Nonlinear polarization evolution in a polarization maintaining fiber?
Might sound crazy: we have forced the polarization state to evolve within a polarization maintaining (PM) fiber. But in fact a PM fiber is a birefringent one and, thus, any polarization state introduced into the fiber is divided into two waves traveling with different velocities. The two waves are conveniently called the "slow" and the "fast" one. These waves interfere at the output to form a new polarization state. This is a linear (non light intensity dependent) property of PM fibers. So what's new? Well, in our laboratory we are dealing with ultrashort pulses with extreme peak intensities. This intensities are so high that they start to influence the medium and through the medium they start to interact with each other (through cross- phase modulation and degenerate four-wave mixing). This interaction can further influence the output polarization state of light (a nonlinear interaction).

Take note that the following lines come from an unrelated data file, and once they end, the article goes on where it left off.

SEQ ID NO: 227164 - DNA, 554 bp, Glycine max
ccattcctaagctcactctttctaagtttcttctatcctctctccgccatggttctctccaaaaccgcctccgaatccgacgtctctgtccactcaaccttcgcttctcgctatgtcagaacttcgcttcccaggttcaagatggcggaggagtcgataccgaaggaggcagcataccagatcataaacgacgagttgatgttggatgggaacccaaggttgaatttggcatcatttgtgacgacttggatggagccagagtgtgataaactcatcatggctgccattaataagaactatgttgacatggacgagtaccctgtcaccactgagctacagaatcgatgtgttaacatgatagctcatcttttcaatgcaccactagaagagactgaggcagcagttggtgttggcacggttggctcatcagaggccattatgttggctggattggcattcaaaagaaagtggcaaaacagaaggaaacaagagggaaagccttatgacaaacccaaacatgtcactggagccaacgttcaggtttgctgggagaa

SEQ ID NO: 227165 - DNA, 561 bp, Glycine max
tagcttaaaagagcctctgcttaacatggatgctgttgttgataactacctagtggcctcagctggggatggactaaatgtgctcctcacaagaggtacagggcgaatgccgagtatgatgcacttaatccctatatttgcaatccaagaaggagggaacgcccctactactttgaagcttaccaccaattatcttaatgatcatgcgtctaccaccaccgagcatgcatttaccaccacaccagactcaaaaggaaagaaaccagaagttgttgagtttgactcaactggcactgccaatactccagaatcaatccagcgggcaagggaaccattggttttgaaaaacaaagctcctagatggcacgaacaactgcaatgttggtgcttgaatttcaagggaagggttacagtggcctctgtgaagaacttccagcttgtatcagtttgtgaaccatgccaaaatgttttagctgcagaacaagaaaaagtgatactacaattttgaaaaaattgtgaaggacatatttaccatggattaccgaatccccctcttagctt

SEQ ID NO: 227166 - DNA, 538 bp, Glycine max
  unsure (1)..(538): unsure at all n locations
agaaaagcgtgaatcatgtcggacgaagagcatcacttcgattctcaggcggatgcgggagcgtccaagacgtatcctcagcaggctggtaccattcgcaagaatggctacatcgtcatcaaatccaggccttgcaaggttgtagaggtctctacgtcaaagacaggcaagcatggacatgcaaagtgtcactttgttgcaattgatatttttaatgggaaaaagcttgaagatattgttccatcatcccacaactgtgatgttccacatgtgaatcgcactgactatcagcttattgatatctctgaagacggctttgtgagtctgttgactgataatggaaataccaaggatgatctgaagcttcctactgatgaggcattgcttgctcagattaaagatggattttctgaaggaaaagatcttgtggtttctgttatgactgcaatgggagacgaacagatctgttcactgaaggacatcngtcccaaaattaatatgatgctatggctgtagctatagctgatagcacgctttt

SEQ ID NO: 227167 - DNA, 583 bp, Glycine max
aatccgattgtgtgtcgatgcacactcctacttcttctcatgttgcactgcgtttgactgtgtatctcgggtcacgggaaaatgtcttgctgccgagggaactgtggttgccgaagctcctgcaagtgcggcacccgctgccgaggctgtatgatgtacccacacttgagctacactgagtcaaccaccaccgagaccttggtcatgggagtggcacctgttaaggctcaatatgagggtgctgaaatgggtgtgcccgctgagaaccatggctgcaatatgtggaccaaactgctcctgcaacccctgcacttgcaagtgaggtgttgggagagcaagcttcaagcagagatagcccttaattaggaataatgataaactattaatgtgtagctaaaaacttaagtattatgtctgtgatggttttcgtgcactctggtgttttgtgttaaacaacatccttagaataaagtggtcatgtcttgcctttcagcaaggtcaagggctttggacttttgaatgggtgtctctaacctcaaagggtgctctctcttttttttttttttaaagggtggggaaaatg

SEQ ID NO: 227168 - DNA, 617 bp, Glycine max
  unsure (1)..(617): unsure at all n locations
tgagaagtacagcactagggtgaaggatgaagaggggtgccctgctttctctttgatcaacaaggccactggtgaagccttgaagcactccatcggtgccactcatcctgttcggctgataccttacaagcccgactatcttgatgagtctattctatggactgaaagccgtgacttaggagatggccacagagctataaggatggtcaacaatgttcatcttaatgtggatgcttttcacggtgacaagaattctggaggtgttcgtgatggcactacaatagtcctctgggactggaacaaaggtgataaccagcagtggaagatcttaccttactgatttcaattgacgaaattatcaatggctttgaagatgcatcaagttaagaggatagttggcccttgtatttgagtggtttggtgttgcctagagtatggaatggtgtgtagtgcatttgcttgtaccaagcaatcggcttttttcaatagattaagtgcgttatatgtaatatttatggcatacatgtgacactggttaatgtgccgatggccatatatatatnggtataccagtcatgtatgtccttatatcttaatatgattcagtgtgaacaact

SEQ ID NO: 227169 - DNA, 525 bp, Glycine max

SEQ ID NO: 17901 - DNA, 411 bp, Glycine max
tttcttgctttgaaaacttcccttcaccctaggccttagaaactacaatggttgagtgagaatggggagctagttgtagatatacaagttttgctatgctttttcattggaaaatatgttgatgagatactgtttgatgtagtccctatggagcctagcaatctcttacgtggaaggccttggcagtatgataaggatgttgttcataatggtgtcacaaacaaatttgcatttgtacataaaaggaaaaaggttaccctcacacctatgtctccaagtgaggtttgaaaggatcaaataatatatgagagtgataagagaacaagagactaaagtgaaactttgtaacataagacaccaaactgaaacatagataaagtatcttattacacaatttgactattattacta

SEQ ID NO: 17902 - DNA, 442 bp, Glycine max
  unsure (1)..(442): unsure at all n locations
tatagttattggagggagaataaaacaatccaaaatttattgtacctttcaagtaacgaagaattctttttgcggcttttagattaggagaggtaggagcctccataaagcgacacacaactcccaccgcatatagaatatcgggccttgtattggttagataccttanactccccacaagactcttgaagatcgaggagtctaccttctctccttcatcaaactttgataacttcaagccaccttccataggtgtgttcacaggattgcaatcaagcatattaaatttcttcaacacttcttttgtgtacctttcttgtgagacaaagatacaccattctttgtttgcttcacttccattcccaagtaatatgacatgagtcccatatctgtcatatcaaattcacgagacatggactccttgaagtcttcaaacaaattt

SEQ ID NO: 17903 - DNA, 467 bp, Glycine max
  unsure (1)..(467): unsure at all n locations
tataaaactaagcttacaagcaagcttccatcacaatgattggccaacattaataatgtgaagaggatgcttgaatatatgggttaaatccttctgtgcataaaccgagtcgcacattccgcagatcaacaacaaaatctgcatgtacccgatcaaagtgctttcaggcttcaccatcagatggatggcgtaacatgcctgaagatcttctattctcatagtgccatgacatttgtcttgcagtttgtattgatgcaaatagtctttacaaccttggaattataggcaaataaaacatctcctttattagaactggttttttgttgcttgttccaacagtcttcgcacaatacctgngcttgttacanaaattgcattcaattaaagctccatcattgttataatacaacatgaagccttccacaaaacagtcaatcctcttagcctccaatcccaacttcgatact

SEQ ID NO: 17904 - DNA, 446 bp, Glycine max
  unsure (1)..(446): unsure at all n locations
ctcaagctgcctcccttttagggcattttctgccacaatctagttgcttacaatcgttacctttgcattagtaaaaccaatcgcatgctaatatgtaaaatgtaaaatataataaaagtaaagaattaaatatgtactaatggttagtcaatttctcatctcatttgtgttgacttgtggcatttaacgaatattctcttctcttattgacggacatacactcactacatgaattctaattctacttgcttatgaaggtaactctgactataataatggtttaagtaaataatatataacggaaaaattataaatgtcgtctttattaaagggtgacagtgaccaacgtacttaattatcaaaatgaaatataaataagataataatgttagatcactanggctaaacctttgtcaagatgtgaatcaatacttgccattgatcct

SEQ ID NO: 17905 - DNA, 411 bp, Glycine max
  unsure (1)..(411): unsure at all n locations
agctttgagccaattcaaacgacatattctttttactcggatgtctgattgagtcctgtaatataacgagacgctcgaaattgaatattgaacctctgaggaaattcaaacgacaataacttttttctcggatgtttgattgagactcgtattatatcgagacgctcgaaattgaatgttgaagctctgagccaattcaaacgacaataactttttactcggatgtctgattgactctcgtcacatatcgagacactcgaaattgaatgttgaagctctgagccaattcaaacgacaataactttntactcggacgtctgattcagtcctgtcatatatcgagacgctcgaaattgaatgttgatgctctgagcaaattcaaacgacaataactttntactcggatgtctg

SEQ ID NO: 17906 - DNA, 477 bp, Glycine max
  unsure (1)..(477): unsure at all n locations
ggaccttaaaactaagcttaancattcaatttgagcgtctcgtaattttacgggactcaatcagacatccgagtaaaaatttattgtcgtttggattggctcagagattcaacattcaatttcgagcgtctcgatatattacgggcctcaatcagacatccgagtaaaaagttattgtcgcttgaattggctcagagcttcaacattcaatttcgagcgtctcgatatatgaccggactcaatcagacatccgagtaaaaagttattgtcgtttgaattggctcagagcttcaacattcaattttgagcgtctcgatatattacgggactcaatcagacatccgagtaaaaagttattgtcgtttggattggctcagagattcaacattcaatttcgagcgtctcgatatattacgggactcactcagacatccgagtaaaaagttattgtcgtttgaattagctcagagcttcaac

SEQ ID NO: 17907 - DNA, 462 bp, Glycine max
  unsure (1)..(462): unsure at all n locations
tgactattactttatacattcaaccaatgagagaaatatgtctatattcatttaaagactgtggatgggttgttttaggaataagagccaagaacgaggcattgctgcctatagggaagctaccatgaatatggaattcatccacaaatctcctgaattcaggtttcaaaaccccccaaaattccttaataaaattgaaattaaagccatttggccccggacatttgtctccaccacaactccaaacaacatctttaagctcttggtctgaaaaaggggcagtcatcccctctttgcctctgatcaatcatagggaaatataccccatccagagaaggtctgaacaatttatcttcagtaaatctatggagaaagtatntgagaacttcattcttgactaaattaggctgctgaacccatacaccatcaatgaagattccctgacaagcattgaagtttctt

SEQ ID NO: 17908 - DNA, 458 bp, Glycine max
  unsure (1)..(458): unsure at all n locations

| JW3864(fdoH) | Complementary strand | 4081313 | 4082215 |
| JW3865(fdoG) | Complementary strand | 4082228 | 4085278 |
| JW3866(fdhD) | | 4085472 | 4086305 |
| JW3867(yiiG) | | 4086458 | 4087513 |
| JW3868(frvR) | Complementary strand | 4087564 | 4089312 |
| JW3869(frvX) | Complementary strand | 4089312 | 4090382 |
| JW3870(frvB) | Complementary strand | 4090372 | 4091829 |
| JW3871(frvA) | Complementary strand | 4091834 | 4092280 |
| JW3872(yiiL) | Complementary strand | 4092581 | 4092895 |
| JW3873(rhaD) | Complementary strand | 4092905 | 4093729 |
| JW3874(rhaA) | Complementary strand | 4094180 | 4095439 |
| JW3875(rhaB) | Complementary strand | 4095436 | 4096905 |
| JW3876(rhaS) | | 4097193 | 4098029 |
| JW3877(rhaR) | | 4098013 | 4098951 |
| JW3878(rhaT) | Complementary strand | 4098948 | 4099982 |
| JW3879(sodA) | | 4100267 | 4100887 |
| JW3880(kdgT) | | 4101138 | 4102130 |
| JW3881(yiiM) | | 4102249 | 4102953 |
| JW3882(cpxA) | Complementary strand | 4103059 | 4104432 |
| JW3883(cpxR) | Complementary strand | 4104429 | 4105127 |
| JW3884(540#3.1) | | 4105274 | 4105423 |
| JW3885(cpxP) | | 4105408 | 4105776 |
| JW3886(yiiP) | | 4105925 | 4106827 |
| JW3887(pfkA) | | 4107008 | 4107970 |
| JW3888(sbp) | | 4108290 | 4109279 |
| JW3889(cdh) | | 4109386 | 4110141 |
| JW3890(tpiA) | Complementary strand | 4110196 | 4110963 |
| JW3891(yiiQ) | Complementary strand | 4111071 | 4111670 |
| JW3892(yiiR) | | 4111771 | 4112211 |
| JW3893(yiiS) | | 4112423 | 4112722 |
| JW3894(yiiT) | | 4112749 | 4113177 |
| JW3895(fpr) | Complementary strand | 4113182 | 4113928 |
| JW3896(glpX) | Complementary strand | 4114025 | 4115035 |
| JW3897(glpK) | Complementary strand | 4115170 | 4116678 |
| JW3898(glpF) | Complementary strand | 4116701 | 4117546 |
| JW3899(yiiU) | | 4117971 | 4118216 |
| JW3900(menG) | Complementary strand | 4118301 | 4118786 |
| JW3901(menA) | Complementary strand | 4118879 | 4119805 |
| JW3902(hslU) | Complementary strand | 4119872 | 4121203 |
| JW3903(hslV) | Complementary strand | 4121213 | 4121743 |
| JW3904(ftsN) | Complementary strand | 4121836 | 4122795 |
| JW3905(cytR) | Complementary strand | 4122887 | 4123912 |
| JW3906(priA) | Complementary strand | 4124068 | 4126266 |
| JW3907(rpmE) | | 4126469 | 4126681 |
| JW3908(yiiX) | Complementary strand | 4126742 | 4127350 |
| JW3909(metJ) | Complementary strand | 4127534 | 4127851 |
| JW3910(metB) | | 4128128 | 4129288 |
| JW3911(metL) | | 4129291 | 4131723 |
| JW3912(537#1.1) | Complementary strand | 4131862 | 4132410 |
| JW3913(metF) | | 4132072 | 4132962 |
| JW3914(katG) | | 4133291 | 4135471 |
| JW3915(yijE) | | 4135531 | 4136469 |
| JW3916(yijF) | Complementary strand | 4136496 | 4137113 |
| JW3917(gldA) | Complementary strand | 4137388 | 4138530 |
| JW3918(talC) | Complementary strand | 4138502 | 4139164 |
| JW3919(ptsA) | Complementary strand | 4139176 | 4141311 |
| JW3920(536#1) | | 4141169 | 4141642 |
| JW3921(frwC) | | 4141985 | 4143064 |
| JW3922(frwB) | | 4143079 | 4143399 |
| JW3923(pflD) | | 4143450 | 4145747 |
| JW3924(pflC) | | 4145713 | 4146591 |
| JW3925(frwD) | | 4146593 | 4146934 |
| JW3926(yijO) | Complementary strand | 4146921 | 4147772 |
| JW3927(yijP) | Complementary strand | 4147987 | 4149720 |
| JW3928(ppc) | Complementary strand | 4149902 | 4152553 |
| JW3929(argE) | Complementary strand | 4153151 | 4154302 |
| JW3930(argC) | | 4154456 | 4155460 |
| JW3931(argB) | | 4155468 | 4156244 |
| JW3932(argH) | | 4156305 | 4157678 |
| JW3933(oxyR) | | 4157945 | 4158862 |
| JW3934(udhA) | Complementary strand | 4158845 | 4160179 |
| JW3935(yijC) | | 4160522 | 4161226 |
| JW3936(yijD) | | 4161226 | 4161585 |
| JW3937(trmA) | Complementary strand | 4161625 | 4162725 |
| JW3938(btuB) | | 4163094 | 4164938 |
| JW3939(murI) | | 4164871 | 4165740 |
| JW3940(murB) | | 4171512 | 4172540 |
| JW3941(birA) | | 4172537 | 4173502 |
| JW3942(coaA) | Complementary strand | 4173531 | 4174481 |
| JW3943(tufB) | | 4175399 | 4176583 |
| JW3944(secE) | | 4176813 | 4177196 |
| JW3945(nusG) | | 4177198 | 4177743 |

In our work we have chosen to eliminate the linear effects through the use of PM fiber segments rotated by 90 degrees with respect to each other. This way the "slow" and "fast" waves exchange roles in the consecutive segments. For small pulse energies the input polarization state is, therefore, preserved. For high energies, however, the nonlinear effects come into play and the polarization state starts to evolve.
Why bother? Well our funny device has a one major application.
Together with a polarizer, which blocks part of the output lighted
it can be used as a device with intensity dependent transmission.
And this is just the thing that is required for forcing fiber lasers
to work in pulsed regime. Yep. That what our new paper in
is about - a laser driven into pulsed regime with our new nonlinearities
polarization evolution scheme.